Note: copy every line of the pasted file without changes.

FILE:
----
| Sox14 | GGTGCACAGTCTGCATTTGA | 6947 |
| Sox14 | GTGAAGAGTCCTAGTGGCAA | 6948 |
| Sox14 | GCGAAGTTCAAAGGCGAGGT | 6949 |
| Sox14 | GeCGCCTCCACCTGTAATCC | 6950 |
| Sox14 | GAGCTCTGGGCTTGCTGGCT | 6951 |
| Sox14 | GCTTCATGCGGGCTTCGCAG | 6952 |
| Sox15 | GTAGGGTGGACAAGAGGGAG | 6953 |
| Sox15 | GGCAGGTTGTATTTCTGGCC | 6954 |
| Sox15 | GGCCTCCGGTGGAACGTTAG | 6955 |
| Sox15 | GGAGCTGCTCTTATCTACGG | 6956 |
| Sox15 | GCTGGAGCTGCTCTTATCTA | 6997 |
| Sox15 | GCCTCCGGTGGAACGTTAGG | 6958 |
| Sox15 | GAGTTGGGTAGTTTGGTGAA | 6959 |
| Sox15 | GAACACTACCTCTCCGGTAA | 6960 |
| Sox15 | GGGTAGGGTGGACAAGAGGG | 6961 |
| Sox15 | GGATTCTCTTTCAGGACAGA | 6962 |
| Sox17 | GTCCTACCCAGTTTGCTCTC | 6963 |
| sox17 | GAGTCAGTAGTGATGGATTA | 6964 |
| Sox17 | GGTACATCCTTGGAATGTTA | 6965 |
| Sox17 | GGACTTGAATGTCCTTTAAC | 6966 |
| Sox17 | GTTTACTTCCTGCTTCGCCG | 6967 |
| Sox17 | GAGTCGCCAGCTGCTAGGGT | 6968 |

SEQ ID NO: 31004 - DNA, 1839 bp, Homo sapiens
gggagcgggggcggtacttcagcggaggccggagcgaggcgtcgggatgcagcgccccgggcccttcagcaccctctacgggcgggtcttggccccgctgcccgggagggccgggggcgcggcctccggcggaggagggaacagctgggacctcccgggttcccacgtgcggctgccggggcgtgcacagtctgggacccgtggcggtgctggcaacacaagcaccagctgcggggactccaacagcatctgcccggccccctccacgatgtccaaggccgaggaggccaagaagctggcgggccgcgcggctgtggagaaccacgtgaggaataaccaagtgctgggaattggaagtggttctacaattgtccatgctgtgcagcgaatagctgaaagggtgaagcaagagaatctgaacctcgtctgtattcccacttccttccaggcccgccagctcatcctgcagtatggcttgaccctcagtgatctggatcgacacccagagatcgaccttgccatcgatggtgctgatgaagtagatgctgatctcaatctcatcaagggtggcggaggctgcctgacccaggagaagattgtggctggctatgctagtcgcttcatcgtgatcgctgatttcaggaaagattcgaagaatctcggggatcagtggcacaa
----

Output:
| Sox14 | GGTGCACAGTCTGCATTTGA | 6947 |
| Sox14 | GTGAAGAGTCCTAGTGGCAA | 6948 |
| Sox14 | GCGAAGTTCAAAGGCGAGGT | 6949 |
| Sox14 | GeCGCCTCCACCTGTAATCC | 6950 |
| Sox14 | GAGCTCTGGGCTTGCTGGCT | 6951 |
| Sox14 | GCTTCATGCGGGCTTCGCAG | 6952 |
| Sox15 | GTAGGGTGGACAAGAGGGAG | 6953 |
| Sox15 | GGCAGGTTGTATTTCTGGCC | 6954 |
| Sox15 | GGCCTCCGGTGGAACGTTAG | 6955 |
| Sox15 | GGAGCTGCTCTTATCTACGG | 6956 |
| Sox15 | GCTGGAGCTGCTCTTATCTA | 6997 |
| Sox15 | GCCTCCGGTGGAACGTTAGG | 6958 |
| Sox15 | GAGTTGGGTAGTTTGGTGAA | 6959 |
| Sox15 | GAACACTACCTCTCCGGTAA | 6960 |
| Sox15 | GGGTAGGGTGGACAAGAGGG | 6961 |
| Sox15 | GGATTCTCTTTCAGGACAGA | 6962 |
| Sox17 | GTCCTACCCAGTTTGCTCTC | 6963 |
| sox17 | GAGTCAGTAGTGATGGATTA | 6964 |
| Sox17 | GGTACATCCTTGGAATGTTA | 6965 |
| Sox17 | GGACTTGAATGTCCTTTAAC | 6966 |
| Sox17 | GTTTACTTCCTGCTTCGCCG | 6967 |
| Sox17 | GAGTCGCCAGCTGCTAGGGT | 6968 |

SEQ ID NO: 31004 - DNA, 1839 bp, Homo sapiens
gggagcgggggcggtacttcagcggaggccggagcgaggcgtcgggatgcagcgccccgggcccttcagcaccctctacgggcgggtcttggccccgctgcccgggagggccgggggcgcggcctccggcggaggagggaacagctgggacctcccgggttcccacgtgcggctgccggggcgtgcacagtctgggacccgtggcggtgctggcaacacaagcaccagctgcggggactccaacagcatctgcccggccccctccacgatgtccaaggccgaggaggccaagaagctggcgggccgcgcggctgtggagaaccacgtgaggaataaccaagtgctgggaattggaagtggttctacaattgtccatgctgtgcagcgaatagctgaaagggtgaagcaagagaatctgaacctcgtctgtattcccacttccttccaggcccgccagctcatcctgcagtatggcttgaccctcagtgatctggatcgacacccagagatcgaccttgccatcgatggtgctgatgaagtagatgctgatctcaatctcatcaagggtggcggaggctgcctgacccaggagaagattgtggctggctatgctagtcgcttcatcgtgatcgctgatttcaggaaagattcgaagaatctcggggatcagtggcacaa